Review: Multiwinia

Josh Tolentino | 19 Nov 2008 17:00
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The following review was written by a member of The Escapist community. For more information on community reviews, please see this forum thread.


Developed by Introversion Software, the original Darwinia impressed upon the gaming world the idea that a game could look great and deliver unique gameplay without requiring a million-dollar production budget - Darwinia took up less space than a music file in some higher-profile titles. Its multiplayer adaptation Multiwinia: Survival of the Flattest is similarly modest, yet provides as idiosyncratic a real-time strategy experience as its big brother.

Where Darwinia has players rescuing tiny sentient programs - the titular Darwinians - from a marauding computer virus in an environment not unlike that of Tron, Multiwinia depicts the next unfortunate step in the Darwinians' evolution - war. The Multiwinians as they are now called have separated into different colored tribes and set about ethnically cleansing their rivals in an unending war.

As in Darwinia, Multiwinia's gameplay revolves around the use of "officer" units. Right-clicking a Multiwinian promotes it, essentially converting it from citizen into waypoint. Officers direct nearby Multiwinians to these designated locations. Placing officers near spawn points helps muster the reinforcements critical to forming suitably overwhelming mobs. You can also use officers to organize groups of Multiwinians into rudimentary ranks not unlike the musket brigades of colonial-era armies. Ranked Multiwinians have greater range and are more effective at rushing turrets, but they're also more vulnerable to area attacks such as grenades. Other than Multiwinia's use of formations and officers, there is no unit differentiation, alternative weaponry or upgrade system of any sort.

The main wild cards in a typical Multiwinia match are the periodic crate drops, which are scattered randomly across the battlefield . Crates contain a variety of special attacks or units. Rage temporarily triples the firing rate and damage of a selected group of soldiers (easily a tide-turner in a pitched battle), while gun turrets deny territory to the enemy. Ant colonies spawn tiny monsters that scatter formations and hamper movement, and harvester units gather up dead souls and deliver them to the nearest spawn point for resurrection. Crates on occasion also contain immediate benefits, like rockets or an instant batch of reinforcements.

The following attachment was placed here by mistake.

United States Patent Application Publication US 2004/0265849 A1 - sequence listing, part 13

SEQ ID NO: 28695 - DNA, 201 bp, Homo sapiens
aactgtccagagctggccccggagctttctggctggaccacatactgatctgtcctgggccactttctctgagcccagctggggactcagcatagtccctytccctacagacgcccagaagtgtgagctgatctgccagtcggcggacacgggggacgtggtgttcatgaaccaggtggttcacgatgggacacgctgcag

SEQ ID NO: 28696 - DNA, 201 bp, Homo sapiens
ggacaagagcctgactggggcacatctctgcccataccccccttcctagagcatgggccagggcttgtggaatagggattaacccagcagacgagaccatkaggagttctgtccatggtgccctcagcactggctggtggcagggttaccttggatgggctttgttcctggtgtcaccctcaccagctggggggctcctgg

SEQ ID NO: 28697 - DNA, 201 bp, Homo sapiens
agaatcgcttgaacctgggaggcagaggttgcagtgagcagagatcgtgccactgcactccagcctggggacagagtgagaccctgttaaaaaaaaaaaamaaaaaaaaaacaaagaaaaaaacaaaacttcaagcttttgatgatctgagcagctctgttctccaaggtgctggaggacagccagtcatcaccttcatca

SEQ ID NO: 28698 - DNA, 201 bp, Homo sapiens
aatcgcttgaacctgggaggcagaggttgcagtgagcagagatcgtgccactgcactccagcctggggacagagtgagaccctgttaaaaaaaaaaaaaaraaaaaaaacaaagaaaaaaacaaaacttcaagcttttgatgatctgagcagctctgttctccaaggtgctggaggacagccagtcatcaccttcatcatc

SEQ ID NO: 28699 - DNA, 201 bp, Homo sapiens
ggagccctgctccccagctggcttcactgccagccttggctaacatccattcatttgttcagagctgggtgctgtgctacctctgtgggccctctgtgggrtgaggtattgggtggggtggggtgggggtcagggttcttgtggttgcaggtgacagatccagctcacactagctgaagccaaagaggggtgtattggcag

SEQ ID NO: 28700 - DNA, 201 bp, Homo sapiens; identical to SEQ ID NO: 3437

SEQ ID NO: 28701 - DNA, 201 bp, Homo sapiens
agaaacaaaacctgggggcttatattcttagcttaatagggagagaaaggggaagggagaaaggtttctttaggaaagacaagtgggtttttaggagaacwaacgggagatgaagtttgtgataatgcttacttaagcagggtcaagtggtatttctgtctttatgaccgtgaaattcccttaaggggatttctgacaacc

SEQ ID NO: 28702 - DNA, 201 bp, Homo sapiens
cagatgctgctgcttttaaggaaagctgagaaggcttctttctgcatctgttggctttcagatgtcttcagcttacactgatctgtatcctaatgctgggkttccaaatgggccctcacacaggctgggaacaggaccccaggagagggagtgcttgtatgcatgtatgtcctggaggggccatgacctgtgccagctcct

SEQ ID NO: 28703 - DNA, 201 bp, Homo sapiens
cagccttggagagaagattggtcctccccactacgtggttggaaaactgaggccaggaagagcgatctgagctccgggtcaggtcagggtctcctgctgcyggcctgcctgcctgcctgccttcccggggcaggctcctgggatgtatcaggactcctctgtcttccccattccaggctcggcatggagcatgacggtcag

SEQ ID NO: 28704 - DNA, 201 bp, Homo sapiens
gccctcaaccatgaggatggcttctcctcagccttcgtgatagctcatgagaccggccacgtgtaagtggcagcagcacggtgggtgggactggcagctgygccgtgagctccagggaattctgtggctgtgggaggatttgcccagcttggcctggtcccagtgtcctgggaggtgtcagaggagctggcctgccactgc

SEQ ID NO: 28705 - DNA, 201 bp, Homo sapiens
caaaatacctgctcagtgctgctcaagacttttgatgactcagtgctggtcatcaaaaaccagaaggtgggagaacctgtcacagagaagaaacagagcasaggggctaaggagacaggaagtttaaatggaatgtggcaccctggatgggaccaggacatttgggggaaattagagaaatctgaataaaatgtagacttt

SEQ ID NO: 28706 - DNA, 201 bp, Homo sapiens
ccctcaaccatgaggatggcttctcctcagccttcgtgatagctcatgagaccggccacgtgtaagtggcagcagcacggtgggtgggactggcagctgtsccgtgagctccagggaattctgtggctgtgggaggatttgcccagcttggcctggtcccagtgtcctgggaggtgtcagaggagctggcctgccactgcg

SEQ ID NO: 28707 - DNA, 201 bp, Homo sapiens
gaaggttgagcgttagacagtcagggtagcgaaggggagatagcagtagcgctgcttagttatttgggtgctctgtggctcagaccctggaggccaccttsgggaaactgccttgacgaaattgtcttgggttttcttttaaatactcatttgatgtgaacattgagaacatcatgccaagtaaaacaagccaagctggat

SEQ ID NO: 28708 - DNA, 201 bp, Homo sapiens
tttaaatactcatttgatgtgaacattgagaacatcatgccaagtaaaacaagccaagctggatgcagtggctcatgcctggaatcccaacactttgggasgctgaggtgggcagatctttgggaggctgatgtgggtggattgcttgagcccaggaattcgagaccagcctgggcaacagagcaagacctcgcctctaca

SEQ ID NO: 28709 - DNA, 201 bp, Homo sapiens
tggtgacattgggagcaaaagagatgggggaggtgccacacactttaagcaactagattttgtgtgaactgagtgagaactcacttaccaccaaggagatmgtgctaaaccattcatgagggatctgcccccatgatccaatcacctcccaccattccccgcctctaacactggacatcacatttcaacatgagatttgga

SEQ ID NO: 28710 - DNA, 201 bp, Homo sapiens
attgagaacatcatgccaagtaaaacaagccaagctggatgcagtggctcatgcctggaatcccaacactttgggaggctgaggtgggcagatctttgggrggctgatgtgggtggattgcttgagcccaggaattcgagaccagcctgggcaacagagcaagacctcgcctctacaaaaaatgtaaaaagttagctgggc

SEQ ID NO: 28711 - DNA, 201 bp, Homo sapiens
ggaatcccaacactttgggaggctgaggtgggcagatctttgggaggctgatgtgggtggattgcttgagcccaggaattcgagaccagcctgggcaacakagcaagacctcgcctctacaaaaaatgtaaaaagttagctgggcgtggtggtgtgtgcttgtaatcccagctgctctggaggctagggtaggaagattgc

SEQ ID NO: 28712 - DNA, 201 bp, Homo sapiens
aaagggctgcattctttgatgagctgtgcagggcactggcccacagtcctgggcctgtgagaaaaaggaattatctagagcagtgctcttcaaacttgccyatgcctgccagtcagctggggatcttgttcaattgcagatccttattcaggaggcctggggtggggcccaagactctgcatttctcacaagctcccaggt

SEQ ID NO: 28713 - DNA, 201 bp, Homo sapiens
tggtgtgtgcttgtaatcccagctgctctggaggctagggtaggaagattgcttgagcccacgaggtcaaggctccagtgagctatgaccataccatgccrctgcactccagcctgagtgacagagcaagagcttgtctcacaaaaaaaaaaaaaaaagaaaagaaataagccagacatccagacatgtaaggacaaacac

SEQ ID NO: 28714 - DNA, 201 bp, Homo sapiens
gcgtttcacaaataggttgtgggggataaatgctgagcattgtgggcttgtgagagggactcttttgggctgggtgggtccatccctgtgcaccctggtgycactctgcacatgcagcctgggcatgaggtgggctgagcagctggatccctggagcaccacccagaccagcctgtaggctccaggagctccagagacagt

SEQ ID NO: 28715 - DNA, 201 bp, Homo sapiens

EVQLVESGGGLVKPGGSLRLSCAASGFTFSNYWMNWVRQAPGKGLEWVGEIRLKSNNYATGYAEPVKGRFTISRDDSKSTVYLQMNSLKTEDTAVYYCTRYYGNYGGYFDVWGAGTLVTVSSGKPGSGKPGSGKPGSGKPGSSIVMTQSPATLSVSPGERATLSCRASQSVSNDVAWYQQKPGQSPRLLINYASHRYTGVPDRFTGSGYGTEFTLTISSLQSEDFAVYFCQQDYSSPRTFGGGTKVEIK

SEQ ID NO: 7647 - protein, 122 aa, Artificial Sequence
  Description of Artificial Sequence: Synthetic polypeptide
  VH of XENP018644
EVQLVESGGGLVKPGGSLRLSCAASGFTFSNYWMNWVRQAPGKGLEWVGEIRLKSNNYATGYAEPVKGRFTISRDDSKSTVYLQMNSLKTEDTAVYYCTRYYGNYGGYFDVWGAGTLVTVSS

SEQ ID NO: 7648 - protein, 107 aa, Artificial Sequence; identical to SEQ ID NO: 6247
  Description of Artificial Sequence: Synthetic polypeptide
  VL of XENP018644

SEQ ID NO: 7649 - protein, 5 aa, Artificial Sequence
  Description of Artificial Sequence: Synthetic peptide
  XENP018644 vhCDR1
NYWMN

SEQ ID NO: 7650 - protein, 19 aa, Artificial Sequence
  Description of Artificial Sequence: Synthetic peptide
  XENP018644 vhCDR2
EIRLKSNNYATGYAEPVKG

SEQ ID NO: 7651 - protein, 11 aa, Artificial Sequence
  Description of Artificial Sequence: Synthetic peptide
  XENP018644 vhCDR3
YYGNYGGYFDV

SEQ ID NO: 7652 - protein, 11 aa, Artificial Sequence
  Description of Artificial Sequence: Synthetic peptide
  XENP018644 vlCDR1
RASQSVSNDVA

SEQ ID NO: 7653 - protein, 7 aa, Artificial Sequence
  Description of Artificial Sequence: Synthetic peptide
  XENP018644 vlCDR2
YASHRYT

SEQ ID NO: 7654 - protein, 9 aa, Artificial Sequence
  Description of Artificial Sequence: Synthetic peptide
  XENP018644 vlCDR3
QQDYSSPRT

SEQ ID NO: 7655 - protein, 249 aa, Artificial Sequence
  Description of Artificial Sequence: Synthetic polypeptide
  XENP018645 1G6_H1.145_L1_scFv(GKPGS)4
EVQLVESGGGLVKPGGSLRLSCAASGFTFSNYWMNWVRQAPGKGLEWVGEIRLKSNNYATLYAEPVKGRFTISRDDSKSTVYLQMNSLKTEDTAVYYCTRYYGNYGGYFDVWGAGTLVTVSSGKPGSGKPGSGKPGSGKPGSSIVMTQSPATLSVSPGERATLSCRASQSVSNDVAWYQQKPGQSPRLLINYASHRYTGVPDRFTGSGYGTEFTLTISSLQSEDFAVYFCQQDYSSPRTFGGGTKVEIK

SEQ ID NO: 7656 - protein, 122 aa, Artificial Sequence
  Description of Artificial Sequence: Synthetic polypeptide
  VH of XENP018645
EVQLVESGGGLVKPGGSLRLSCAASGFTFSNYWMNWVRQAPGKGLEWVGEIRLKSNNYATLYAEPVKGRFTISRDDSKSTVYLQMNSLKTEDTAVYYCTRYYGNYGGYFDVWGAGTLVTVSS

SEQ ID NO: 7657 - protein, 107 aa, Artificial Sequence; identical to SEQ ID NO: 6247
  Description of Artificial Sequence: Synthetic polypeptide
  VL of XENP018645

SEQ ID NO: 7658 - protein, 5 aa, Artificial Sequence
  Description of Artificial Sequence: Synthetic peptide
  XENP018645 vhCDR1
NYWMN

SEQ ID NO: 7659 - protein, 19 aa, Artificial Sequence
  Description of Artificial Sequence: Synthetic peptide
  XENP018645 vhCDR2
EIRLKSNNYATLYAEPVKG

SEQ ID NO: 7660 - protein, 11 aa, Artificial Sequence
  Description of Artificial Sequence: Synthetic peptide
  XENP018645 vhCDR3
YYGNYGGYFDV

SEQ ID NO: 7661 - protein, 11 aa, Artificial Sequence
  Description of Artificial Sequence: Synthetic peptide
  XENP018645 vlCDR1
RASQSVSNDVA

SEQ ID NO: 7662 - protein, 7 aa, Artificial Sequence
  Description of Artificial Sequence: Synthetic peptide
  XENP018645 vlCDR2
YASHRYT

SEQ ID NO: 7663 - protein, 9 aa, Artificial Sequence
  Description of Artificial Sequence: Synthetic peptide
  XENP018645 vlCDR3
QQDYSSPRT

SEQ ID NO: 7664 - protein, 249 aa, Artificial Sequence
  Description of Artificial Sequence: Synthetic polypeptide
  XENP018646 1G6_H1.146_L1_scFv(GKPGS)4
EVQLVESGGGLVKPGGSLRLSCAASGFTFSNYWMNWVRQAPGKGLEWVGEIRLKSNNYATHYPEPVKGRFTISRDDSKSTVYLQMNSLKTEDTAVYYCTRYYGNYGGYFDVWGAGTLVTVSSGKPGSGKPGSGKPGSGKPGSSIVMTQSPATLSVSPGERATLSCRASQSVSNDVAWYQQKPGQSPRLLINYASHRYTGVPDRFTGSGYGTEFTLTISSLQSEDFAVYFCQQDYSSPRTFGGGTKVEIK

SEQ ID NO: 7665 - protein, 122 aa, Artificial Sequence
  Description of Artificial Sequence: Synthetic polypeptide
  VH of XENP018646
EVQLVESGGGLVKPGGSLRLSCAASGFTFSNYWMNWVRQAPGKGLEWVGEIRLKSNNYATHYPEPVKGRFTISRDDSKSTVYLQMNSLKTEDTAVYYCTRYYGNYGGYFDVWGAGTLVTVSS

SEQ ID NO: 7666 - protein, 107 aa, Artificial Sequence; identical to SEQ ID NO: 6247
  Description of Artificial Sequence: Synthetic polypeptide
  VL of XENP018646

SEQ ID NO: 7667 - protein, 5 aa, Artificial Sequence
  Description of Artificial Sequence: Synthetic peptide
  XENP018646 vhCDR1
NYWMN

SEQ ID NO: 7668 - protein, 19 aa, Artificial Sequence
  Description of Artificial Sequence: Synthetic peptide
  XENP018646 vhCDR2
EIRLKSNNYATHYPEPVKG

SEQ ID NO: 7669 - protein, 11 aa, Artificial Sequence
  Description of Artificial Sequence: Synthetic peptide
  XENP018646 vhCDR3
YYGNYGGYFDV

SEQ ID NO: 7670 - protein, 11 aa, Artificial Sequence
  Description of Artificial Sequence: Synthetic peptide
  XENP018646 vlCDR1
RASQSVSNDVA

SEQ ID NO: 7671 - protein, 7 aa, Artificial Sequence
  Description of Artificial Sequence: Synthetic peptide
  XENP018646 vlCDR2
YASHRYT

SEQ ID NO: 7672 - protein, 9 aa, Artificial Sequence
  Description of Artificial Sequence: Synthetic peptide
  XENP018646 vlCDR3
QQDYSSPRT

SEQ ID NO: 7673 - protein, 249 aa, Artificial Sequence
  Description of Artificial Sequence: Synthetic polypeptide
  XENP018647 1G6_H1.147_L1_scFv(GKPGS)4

The aptly-named Randomizer takes this element of chance even further by occasionally introducing crates with a temporary global effect, such as a "mega rage" that increases the damage output of all units or a "spawn mania" that briefly quintuples the output of every working spawn point. Some crates even trigger "crate mania," which spawn dozens of crates everywhere. The randomizer helps impart Multiwinia with a hectic, unpredictable pace that belies the game's otherwise simplistic mechanics.

Most of Multiwinia's game types center around spawn points, structures that, when manned by Multiwinians, periodically cough up groups of soldiers for you to organize and send into the meat grinder. Domination has players scrambling to control as many spawn points as possible, while King of the Hill pits tribes against each other to hold down a central territory. Blitzkrieg is a variation on the control-point style of the Battlefield series where Multiwinians jockey for position to capture point zones all over the map. Capture the Statue spawns a statue at a common location, which Multiwinians must fight to secure and drag back to a capture zone.

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